WASHINGTON — Companies working on commercial space stations aiming to succeed the International Space Station say they need more clarity from the federal government about who will regulate it and how.
During team discussions at a Beyond Earth symposium here on October 13, representatives of several companies operating in commercial space stations said they had to deal with an “alphabetically set” of agencies, none of which today has the authority to oversee their business operations as required under Outer Space Treaty.
said Mike Gold, executive vice president of civil space and external affairs for Redwire Space, a partner in the Orbital Reef commercial space station concept. “We need predictability, we need clarity and we need certainty in terms of organizational structure.”
No federal agency today has the authority to provide the authorization and continued supervision of commercial space stations required by Article 6 of the Outer Space Treaty. Similar power gaps exist for other emerging commercial space fields, such as satellite servicing and lunar landers.
“We have to be wary of the set of absolute agencies we have to go to to conduct our operations,” he said. They include the Federal Communications Commission for communications licenses, the National Oceanic and Atmospheric Administration for remote sensing licenses and the Federal Aviation Administration for launch licenses and payload reviews. These reviews could include other agencies, such as the Departments of Commerce and Defense.
“It’s an extraordinary challenge,” he said. “It is critical that we consolidate and simplify not only because it makes it easier for the private sector, but it will also result in better safety and better innovation.”
These problems grow even more as companies make progress toward the first launches of space station elements, although there have been some fluctuations in the schedule. Marie-Lynn Dittmar, head of government and external relations at Axiom Space, said her company now plans to launch the first commercial module to be installed on the International Space Station in late 2025, about a year later than previously planned. She said the company “rearranged” that timeline only as it went through a critical design review for the unit. The second unit, a copy of the first, will follow in six to eight months.
When asked about the regulatory changes required to enable the commercial space station of Axiom and others, she noted that many of the issues are interconnected. The main issue, though, is delegating the task. “I want to understand how that will be framed, and where that will fall, because there are a lot of other issues that are directly connected to it.”
Gould said the assignment included knowing how to do the “continuous supervision” that Article 6. He called for a “self-certification” approach to it. “We’re in the driver’s seat and understand technology more than anyone else, so it’s very important, from a regulatory perspective, that the private sector is on the front lines of providing that information to government,” he said.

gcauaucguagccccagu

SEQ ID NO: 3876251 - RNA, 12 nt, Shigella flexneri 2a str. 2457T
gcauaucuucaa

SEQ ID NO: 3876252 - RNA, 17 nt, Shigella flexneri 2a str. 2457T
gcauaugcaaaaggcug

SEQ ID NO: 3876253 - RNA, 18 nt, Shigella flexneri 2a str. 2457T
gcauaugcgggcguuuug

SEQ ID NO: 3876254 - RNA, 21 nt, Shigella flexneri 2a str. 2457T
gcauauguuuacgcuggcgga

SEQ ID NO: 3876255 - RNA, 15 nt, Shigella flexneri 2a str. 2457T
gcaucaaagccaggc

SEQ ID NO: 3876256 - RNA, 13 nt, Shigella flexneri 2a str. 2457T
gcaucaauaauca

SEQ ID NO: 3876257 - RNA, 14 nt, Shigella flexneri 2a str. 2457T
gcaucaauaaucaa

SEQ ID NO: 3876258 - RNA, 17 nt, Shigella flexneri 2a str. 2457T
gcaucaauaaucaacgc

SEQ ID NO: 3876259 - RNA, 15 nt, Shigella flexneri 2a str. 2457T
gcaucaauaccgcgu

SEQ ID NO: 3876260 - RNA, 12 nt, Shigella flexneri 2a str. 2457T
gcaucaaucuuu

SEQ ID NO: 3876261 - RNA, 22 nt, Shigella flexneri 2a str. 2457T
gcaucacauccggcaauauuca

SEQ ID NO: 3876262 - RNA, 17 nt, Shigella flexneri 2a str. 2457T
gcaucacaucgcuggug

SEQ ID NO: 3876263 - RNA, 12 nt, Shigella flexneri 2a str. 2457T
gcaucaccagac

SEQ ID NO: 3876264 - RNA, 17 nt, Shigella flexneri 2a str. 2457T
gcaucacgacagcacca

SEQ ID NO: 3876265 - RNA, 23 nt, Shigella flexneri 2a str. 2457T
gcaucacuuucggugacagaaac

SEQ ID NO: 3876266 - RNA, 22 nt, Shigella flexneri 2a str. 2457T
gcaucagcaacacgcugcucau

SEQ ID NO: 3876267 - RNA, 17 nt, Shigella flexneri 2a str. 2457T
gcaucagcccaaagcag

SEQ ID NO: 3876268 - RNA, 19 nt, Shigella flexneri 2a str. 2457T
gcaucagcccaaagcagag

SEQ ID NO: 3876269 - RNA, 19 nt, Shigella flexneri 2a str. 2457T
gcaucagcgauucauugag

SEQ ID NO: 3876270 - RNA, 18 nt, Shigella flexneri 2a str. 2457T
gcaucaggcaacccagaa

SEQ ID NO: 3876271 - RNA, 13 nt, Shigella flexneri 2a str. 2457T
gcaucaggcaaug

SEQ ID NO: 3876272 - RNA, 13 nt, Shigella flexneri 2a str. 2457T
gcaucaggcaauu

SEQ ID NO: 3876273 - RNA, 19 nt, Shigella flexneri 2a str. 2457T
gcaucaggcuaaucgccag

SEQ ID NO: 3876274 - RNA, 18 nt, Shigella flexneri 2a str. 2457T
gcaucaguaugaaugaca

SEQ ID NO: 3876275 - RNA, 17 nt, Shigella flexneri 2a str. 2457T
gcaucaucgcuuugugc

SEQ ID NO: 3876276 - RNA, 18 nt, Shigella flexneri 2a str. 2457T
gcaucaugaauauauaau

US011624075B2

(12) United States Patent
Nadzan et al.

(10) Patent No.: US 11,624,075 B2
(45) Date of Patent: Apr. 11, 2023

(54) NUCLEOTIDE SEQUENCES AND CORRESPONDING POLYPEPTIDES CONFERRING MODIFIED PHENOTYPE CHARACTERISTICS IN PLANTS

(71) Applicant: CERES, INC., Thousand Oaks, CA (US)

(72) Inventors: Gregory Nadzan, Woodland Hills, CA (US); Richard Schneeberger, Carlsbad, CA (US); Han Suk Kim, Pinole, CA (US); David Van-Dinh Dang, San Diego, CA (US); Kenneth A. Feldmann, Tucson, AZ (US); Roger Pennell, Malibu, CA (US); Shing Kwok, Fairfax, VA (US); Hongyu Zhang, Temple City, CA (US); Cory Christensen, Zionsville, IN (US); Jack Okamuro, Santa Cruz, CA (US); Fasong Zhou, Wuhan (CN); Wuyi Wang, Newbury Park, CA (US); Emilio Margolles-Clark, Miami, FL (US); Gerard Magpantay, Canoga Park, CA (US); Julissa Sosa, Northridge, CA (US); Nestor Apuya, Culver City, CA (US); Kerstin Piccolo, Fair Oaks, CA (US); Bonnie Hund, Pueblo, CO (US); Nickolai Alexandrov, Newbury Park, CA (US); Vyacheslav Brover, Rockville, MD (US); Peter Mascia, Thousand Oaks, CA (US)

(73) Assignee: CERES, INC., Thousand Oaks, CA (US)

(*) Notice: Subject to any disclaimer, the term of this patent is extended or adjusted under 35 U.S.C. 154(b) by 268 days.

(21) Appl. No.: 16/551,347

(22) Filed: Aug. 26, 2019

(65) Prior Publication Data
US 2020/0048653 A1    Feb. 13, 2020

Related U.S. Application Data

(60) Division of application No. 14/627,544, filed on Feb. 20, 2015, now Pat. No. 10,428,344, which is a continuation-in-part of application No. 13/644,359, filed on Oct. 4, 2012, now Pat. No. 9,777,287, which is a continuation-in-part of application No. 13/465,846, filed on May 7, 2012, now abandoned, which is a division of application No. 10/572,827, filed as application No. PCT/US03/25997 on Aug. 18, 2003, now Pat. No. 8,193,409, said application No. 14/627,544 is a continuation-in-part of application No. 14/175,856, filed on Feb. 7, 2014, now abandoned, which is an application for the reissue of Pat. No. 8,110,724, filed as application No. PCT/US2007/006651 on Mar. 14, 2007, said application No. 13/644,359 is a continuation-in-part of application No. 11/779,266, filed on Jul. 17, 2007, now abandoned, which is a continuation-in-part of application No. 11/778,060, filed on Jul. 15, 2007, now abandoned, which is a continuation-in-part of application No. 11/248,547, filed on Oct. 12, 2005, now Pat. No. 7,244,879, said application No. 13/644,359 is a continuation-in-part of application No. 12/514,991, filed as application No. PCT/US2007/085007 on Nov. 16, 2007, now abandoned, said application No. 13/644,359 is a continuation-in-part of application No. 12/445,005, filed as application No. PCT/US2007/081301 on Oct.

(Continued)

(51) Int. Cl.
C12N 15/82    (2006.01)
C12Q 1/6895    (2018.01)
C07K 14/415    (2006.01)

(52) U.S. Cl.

There is no shortage of concepts on how to carry out task delegation. George Nield, a former associate director of commercial space transportation at the Federal Aviation Administration, has suggested placing it within the Department of Transportation.
“My recommendation is that we take this opportunity to learn about spaceflight as a means of transportation, just as highways, rail, sea, aviation, and pipelines, and establish an office for commercial space transportation under the direction of the US Department of Transportation,” he said. “This could be a one-stop shop for organizing the space.”
In the near term, just having a checklist of agencies to deal with to get a mission mandate would be helpful, said Eric Stallmer, executive vice president for government affairs and public policy at Voyager Space, which is on the commercial space station Star Lab. “It’s something we can all follow,” he said.
“The sky hasn’t fallen yet,” said Erica Wagner, senior director of emerging space markets at Blue Origin, lead partner at Orbital Reef, noting the success of special astronaut missions like Inspiration4 and Ax-1. “The question is, how do we manage this uncertainty and the risks that come with not having a clear path.”
There are other regulatory issues beyond mission authorization for commercial space station developers to contend with. Gould noted that the International Space Station enjoys exceptions and priority arrangements to export control regulations that commercial space stations will need.
Commercial space stations may also pose challenges to workplace safety and related regulations. Wagner noted that NASA uses functional radiation limits for its astronauts, while terrestrial industries have annual radiation limits. “It doesn’t work very well if you’re going to create a cadre of people who work privately on a space station.”
Those who visit commercial space stations, whether as tourists or researchers, expect some minimum standards of care to ensure their safety, said Jennifer Fogarty, chief scientific officer at the Translational Research Institute for Space Health at Baylor College of Medicine. It may be too soon, however, for the Occupational Safety and Health Administration (OSHA), the branch of the Department of Labor that regulates workplace safety, to get involved.
“I wouldn’t advocate that the Occupational Safety and Health Administration play a role in this, but I do believe there are best practices that can develop into something that benefits any of the providers,” she said, adding that companies would have an incentive to do make sure that customers of commercial terminals have Good experience. “If you want word of mouth, I suggest you work hard at it.”